The salesman is a resident of Auburn, but has been living in Florida for part of the year. Joe told the DCNF he’s voting absentee for Haley in the New Hampshire primary, but will vote for Trump again if he’s the nominee.
Trump is currently leading Haley by 19.3 points in the RealClearPolitics (RCP) average for the New Hampshire primary. Haley came in third place in the Iowa caucus on Jan. 15 behind both Trump and Florida Gov. Ron DeSantis, who has since dropped out and endorsed Trump.
Jerrilyn Sullivan, a 60-year-old chiropractor who owns her own practice in Nashua, told the DCNF that the fiscal side of the health care system and infant mortality rates in the U.S., as well as the state of the economy as a mother and small business owner, are top of mind.
“Of course the economy’s important. I want to pay less government, less taxes. You know, I work very hard. I work long hours. I have seven children, you know, they all put themselves through school, they work hard,” said Sullivan.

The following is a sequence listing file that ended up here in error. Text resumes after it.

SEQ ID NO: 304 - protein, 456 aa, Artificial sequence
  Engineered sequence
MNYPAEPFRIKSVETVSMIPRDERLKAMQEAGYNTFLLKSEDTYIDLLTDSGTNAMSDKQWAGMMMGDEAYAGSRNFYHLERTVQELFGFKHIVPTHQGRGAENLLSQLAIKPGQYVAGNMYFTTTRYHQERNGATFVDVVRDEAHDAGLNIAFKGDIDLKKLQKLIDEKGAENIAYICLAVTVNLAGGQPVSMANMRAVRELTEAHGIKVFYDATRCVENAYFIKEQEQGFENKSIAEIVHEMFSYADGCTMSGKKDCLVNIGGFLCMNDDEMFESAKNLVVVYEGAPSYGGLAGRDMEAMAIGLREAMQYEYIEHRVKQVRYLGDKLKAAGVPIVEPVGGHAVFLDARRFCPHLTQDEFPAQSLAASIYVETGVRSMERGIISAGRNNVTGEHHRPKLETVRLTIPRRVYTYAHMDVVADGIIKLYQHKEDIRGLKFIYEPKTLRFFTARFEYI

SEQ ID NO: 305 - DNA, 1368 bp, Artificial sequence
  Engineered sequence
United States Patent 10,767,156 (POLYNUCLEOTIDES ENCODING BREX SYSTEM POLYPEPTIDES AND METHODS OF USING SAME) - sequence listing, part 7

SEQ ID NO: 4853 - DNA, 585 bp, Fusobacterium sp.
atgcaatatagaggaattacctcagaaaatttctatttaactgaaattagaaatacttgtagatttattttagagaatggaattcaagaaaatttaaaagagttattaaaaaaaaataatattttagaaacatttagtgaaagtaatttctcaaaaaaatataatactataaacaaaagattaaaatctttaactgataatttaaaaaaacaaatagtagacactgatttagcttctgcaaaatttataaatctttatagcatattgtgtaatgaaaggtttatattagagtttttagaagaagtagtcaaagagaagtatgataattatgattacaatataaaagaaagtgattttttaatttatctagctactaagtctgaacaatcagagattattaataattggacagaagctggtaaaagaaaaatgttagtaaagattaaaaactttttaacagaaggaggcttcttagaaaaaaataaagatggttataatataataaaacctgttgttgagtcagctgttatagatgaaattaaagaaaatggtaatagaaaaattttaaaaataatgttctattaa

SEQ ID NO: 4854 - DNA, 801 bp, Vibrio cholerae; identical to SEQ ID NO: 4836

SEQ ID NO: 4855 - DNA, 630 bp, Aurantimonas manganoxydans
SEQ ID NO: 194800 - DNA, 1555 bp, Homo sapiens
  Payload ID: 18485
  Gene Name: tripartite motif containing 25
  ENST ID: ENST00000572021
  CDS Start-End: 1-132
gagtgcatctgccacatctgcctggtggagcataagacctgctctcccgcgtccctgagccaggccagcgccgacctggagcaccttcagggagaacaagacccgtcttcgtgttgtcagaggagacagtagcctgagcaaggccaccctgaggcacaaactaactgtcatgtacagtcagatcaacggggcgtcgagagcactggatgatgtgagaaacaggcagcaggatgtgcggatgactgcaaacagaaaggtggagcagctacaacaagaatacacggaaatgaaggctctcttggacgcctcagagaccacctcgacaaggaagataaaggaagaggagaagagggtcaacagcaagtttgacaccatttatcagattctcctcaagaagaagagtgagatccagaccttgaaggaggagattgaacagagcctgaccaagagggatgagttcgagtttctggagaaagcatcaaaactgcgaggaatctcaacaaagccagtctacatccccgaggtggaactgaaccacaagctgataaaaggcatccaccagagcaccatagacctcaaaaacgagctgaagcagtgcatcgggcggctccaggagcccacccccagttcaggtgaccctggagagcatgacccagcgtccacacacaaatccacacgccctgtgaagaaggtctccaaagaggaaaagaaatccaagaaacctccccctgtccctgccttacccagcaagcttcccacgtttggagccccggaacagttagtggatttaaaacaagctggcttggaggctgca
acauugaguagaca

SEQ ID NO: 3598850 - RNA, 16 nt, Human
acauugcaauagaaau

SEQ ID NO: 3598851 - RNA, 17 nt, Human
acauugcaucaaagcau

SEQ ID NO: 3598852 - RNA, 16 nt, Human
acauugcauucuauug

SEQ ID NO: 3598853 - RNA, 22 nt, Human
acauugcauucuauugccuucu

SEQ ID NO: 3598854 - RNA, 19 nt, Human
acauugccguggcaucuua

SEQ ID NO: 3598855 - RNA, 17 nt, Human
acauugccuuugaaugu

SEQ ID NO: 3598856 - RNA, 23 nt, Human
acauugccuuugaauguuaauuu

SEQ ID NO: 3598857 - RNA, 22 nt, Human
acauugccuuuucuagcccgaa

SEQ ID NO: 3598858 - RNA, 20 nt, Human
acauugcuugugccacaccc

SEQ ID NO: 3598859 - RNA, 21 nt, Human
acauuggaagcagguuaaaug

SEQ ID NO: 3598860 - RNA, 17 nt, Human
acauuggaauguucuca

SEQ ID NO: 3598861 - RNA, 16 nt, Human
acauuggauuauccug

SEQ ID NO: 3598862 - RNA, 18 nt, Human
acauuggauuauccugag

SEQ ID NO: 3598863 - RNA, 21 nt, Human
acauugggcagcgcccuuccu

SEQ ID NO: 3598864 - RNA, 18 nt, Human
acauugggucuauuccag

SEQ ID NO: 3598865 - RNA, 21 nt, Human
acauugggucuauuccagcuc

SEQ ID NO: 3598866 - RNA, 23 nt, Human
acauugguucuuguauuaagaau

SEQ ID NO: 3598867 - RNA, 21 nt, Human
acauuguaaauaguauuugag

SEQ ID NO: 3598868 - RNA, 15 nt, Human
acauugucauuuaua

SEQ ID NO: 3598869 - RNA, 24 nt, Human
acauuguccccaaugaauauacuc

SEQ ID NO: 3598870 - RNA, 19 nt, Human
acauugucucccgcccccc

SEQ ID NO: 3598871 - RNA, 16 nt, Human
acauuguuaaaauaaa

While Sullivan has always voted Republican, she told the DCNF she’s deciding between supporting Haley and Democratic Rep. Dean Phillips for the primary. However, the business owner said she’d vote for Trump in the general if he was the nominee.
Jake Holden, a 39-year-old owner of a lawn care and snow removal company who lives in Hudson, told the DCNF that “keeping up with raising prices in my own business” is a top concern of his this cycle.
“That’s something that made me pay more attention to what’s going on in the world and in the economy,” said Holden.
The small business owner is an independent who is also considering backing Phillips in the primary. Holden said he voted for Trump in the last two cycles, and told the DCNF he’d do it again if there was another rematch with Biden.
Brian and Christina Mellor, a young couple in Merrimack with two small children, told the DCNF that they’re concerned about “women’s health rights” and “social programs.”
“I think just a level of civility too is what I’m looking for, and I can’t really say there’s a lot of people out there that are doing that,” said Christina.
The couple, who described themselves as independent voters, said they’re voting for Haley in the primary in protest to Trump, but told the DCNF they plan to vote for Biden in the general.